Second, my question for anyone who has decided to boycott Disney as a result of this movie is: Why Now? Why is this particular movie making you want to boycott a company that has supported the gay agenda for as long as I can remember? I vividly remember the movement within churches to boycott Disney in the 90’s over their decision to have “gay days” at their parks. More recently to boycott the Good Luck Charlie TV show over an episode that portrayed two mommies. What about all of the Disney owned ABC TV shows that have gay characters. I read a blog post by a woman who is so upset that this movie is portraying a gay moment that she is not only not going to watch the movie but she is also going to cancel her planned Disney vacation for this year. She mentions all of the examples (even more than I mentioned) of how Disney has supported the gay agenda in the past but, all of a sudden, this movie crosses the line.

Third, what about all of the other sins that are portrayed in children’s movies (Disney or otherwise)? Do you have as much discussion and uproar over the child disobedience/rebellion, the witchcraft/sorcery, the anger/revenge, the lying/deceit, the sexual innuendoes, bullying, etc.? I am pretty sure I could go through and find something wrong with every single Disney movie out there. Just picking apart Beauty and the Beast, there is bullying, alcoholism, attempted murder, revenge, jealousy, sorcery, (maybe a hint at prostitution??? i.e. beautiful girls hanging out in the tavern with a bunch of drunk men)…

Fourth, one of the most common rebuttal to people protesting this movie that I have seen is that “they have a problem with a gay moment but they do not have a problem with a girl falling in love with a buffalo.” I know this seems silly but there is some truth there…

So where do I stand? Somewhere in the middle. I definitely respect the right to be upset about something that goes against what you stand for. I also do not think that a “gay moment” should be in a children’s movie. However, I am not going to boycott the movie.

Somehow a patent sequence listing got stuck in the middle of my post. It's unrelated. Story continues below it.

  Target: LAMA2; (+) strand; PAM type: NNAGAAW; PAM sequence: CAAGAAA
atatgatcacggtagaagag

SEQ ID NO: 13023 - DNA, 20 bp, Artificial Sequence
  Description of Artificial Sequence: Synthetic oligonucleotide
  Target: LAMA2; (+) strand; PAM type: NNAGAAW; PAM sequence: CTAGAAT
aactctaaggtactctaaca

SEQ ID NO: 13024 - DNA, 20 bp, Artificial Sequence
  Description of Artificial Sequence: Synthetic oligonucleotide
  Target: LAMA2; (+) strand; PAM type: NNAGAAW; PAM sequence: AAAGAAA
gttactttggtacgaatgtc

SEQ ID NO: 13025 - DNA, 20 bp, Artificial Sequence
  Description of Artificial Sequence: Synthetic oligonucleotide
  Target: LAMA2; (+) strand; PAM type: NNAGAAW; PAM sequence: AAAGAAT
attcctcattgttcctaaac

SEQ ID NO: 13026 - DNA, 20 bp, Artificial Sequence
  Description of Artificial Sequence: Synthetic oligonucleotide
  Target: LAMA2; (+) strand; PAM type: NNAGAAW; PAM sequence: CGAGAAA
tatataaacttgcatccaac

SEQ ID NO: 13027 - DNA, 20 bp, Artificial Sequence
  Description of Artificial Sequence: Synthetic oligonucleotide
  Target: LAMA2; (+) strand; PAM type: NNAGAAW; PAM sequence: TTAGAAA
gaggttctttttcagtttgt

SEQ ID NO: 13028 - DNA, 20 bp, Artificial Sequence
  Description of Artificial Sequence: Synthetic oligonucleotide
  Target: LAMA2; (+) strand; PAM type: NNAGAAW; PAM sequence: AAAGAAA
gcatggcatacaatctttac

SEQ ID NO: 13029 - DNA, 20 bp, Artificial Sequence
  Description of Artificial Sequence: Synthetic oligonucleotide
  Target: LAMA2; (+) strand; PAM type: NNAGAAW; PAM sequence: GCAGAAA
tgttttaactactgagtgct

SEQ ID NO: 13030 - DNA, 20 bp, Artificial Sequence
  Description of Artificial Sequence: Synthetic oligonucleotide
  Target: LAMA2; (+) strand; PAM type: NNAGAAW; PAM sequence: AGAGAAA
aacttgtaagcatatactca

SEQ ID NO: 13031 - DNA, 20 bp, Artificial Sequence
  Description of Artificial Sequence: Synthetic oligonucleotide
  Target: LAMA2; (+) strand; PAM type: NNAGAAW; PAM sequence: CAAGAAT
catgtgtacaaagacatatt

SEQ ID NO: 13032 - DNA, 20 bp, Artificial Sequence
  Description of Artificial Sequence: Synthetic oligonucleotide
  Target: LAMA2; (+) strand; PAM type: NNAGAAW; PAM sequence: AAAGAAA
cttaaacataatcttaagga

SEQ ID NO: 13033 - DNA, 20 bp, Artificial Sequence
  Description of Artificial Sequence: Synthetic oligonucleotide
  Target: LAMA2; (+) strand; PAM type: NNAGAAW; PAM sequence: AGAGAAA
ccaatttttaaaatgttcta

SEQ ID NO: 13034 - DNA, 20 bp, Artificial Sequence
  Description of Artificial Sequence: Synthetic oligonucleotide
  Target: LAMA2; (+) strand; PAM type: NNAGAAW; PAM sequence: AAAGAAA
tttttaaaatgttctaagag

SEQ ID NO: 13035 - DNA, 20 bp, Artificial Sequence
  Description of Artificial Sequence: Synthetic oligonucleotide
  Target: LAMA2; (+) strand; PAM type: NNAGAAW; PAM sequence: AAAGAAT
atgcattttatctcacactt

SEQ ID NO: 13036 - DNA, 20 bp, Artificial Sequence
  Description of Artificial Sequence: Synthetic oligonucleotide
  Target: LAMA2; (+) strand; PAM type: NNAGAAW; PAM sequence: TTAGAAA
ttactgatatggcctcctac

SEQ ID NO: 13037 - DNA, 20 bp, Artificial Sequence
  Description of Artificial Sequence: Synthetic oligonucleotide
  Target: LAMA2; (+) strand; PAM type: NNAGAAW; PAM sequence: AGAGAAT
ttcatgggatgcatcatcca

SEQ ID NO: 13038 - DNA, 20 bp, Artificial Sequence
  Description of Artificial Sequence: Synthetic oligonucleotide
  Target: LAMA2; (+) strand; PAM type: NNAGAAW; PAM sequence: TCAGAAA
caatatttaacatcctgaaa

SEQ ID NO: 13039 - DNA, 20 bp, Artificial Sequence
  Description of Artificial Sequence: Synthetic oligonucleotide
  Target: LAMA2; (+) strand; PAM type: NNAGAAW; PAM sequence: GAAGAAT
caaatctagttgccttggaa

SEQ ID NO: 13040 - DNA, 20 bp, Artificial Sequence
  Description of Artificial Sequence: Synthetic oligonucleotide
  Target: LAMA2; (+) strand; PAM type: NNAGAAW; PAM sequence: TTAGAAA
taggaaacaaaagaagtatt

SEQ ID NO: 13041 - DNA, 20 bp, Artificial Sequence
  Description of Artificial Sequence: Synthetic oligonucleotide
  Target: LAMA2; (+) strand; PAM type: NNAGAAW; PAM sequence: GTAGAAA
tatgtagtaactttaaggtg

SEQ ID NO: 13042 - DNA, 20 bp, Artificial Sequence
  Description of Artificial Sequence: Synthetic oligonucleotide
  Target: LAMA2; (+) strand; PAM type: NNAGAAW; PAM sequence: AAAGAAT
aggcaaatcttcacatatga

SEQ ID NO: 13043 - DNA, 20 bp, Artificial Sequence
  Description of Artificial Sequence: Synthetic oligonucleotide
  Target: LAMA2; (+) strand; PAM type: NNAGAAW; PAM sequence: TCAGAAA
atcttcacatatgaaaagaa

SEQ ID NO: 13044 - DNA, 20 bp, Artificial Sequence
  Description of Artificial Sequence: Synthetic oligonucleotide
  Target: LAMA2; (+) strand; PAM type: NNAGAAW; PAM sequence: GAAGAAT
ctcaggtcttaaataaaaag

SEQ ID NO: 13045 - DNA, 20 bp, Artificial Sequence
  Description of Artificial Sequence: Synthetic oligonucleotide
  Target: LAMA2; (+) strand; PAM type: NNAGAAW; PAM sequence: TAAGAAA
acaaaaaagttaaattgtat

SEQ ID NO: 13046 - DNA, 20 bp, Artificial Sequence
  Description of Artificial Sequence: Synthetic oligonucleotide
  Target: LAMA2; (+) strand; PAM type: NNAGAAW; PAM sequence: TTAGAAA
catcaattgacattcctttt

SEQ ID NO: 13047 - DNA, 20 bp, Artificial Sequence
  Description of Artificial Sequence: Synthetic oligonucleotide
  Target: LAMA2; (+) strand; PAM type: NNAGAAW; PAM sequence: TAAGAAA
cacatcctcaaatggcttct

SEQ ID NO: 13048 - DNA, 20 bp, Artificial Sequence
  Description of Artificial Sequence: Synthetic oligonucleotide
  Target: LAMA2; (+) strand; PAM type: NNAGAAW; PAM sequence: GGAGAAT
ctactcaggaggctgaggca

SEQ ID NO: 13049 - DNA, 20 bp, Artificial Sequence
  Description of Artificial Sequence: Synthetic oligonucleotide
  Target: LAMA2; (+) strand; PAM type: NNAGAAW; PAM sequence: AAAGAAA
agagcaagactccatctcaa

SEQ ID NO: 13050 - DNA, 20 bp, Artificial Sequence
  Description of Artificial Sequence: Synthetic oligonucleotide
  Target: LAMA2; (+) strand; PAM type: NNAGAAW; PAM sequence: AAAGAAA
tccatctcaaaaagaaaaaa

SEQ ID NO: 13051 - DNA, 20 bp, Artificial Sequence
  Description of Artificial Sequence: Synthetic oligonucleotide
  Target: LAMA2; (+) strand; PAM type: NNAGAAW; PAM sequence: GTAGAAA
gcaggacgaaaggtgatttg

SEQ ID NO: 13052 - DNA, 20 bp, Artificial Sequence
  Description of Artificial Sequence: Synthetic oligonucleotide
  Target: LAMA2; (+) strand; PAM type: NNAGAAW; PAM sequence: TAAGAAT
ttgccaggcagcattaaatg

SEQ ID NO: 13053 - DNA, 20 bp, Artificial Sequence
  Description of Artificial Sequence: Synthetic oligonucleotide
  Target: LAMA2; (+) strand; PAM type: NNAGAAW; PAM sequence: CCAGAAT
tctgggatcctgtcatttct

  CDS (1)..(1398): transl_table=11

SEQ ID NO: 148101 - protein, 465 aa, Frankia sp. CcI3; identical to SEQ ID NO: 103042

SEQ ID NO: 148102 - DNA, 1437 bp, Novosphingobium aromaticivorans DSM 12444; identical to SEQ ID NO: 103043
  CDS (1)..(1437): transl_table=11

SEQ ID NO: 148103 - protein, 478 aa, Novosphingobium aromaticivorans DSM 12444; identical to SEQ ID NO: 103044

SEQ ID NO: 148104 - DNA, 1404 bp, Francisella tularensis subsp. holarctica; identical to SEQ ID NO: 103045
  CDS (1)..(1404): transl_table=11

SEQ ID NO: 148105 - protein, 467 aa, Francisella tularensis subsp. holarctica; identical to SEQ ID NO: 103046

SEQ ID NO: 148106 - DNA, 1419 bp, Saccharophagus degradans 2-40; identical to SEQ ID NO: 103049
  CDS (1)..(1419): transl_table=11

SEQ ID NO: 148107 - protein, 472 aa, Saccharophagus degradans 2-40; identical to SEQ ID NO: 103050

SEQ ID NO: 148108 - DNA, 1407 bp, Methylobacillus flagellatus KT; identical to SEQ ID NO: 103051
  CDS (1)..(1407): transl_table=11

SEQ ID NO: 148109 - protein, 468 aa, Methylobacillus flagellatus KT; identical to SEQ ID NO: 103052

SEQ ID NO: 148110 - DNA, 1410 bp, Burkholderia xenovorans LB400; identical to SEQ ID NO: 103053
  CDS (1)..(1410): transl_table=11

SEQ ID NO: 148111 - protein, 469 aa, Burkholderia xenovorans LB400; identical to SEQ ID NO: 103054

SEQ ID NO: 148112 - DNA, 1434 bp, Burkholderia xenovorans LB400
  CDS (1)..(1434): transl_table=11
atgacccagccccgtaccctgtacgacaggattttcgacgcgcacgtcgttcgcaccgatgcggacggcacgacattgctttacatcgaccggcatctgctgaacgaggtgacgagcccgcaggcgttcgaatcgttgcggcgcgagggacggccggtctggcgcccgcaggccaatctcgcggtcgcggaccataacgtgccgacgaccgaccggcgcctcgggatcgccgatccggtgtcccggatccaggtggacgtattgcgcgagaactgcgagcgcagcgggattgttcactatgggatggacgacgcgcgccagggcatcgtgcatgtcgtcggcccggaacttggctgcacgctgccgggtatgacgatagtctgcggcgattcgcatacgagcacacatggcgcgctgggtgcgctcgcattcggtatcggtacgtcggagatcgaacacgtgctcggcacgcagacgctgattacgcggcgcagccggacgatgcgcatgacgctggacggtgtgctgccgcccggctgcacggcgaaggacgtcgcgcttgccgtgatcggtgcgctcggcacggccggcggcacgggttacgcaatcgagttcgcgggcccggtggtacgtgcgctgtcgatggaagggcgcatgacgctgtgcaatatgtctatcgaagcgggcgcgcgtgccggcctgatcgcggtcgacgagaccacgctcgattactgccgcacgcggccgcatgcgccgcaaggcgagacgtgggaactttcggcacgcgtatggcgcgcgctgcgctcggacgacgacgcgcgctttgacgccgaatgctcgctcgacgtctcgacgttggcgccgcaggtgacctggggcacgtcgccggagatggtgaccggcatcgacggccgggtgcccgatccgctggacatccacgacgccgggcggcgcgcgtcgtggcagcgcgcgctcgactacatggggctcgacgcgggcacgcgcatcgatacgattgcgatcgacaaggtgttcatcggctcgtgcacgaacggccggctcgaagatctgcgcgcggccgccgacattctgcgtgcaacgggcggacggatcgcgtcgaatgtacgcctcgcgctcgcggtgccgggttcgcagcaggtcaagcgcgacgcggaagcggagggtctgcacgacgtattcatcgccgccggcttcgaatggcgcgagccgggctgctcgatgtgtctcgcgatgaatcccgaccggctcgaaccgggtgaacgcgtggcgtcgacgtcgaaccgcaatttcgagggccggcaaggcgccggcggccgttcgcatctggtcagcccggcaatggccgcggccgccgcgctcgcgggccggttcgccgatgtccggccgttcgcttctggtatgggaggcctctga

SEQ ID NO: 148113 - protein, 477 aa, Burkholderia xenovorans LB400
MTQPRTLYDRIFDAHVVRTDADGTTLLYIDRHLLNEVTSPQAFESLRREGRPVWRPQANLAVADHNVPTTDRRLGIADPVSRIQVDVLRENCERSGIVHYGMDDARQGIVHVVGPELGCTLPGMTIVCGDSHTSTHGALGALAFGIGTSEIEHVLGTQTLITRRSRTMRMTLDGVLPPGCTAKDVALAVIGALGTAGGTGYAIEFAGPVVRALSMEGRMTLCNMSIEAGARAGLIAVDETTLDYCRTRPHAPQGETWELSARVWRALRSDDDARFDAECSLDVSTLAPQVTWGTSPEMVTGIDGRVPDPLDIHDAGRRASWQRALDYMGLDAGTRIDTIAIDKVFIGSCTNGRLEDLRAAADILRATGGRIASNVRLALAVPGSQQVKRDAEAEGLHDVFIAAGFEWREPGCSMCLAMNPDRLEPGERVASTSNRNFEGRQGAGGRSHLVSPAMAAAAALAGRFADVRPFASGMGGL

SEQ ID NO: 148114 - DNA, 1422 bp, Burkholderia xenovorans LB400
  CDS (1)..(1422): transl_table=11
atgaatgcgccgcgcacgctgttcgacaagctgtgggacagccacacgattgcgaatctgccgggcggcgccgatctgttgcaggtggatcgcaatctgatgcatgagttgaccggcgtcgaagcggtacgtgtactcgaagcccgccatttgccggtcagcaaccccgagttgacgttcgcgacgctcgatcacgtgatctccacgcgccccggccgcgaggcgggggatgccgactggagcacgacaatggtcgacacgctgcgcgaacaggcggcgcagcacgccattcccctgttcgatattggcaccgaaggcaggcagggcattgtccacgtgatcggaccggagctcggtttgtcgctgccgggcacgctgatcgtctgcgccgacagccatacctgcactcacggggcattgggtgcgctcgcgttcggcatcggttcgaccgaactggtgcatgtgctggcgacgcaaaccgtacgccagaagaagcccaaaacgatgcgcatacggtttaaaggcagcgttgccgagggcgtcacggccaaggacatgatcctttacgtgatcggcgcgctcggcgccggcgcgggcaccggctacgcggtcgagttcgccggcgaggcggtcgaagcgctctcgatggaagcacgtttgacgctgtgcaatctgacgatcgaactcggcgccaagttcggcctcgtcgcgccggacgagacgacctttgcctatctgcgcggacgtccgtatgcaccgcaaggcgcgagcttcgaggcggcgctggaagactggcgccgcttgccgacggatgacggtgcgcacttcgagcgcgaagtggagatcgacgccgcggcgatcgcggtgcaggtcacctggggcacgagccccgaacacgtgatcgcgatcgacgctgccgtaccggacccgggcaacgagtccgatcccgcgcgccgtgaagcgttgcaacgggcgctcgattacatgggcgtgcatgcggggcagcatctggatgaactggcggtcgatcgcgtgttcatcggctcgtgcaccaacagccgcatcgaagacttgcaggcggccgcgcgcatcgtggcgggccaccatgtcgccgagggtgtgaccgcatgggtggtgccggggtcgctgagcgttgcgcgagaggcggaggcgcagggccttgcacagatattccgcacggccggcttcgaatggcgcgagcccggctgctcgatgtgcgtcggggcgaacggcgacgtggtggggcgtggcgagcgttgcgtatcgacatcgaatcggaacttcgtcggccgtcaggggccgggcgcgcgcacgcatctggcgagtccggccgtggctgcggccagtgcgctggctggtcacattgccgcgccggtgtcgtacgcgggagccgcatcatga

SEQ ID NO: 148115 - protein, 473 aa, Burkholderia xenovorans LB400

If anyone knows me at all, they know I love Disney movies! In my opinion, they are stories that teach valuable lessons that I want my children to learn. Many of the movies have strong female roles that encourage girls to be brave, be kind, dream big, etc. Most of the movies have issues that cause characters to get in trouble due to their choices or actions (or someone else’s choices or actions) but almost always the characters learn from their mistakes (villains are the exception but that is what makes them villains). [Read The Pretty Princess Phenomenon for more.] Beauty and the Beast is no different. It is a story about seeing the good in people, learning to love, letting go of anger, self sacrifice, and many other positive elements.

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In conclusion, I most likely will let my children see this live action Beauty and the Beast. I read Plugged In online reviews before taking my children to the theaters to determine if I think a movie is appropriate for their age/maturity level. I will do the same before taking them to see this movie [UPDATE: Here is the Beauty and the Beast Plugged In Review]. My guess though is that the good far outweighs the bad. If the “moment” is something that needs to be discussed with them, I absolutely will discuss it. Just like I would discuss any other issue I have a problem with that comes up in movies. I already discussed homosexuality  with my oldest daughter a couple of years ago. I know that my children will encounter homosexuality in our culture. They may see it in a movie, on TV, walking through a mall, or at their schools. So, instead of trying to shield them from it, I feel that it is better for me to have a conversation with them.